but of Ferenc Koltai, some dude from a company that worked on
the 1998 currency update. Károly Vagyóczky, who designed Hungary's
greenest money, denied any funny business and said Koltai was
chosen simply because he had a 'good head for money' - literally
rather than figuratively. Although it can't be denied that as
head of Jura Trade Kft., the company that came up with digital
watermarks and other security patents used the world over, Koltai
is clearly pretty darn good with money.

"As for the nitty gritty of the controversy, it turned out
that the facial features of the Hungarian king are barely
documented, so just about any bearded face would do."

To read the complete article, see:
Full Story


[According to the Waverly Leader of Melbourne, Australia, an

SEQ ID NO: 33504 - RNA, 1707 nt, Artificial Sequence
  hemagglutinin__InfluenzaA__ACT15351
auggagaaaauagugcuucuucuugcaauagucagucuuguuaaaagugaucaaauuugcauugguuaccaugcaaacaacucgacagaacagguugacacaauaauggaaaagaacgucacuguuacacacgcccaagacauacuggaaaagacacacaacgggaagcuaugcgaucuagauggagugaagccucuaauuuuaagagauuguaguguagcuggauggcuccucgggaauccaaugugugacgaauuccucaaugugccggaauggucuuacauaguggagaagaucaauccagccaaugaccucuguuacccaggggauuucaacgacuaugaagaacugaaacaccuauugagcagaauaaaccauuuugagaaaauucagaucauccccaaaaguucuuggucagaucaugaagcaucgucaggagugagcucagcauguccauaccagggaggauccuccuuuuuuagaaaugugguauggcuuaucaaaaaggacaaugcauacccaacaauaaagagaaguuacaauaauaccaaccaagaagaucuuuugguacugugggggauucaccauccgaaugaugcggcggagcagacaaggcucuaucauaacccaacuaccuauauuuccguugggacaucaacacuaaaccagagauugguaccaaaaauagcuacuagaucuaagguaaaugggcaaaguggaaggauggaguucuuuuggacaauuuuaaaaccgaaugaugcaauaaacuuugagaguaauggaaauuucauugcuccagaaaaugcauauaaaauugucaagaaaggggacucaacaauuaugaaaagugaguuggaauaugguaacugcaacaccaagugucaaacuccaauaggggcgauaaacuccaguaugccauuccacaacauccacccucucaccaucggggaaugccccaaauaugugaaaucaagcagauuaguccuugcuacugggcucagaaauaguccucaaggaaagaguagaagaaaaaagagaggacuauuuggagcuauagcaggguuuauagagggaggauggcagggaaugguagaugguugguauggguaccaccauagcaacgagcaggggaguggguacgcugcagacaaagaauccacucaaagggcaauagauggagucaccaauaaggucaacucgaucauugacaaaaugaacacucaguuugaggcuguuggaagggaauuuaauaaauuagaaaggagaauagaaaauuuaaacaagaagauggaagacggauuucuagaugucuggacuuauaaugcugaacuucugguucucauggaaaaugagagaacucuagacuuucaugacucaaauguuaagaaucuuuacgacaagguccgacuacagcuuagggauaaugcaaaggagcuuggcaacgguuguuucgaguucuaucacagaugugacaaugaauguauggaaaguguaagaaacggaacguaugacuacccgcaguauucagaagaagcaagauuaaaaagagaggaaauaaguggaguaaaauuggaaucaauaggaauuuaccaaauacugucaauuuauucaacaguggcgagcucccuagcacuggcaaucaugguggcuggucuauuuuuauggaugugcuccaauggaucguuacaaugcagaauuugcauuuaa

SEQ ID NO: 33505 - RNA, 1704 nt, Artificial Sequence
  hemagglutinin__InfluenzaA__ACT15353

ancient Roman coin was recently used in a coin toss before a
sporting match.  Is that a first?  Has an ancient coin ever
been used this way before? -Editor]

History was on display when a 2000-year-old Roman coin was
used for the toss before Clayton's centenary match against
St Kilda City on Saturday.

The coin dates back to 27BC, when Emperor Augustus, better
known as Gaius Julius Caesar Octavianus, ruled the Roman Empire.

One side features the profile of Emperor Augustus's head and
the letters 'SC', the Roman Senate's seal of approval, are
inscribed on the other.

"The reason we're using it is because it's been donated by
our major sponsor, Universal Coin Company," Clayton treasurer
Neil Daly said.

"On the back of the coin it's got 'SC', which is the Roman
Senate's mark, but our sponsor thought the S could stand for
St Kilda City and the C for Clayton.

"We thought it would be a novel idea to celebrate the centenary
rather than a standard coin, as it's never been done before."

[The coin was protected in a Kointain-style plastic shell.

To read the complete article, see: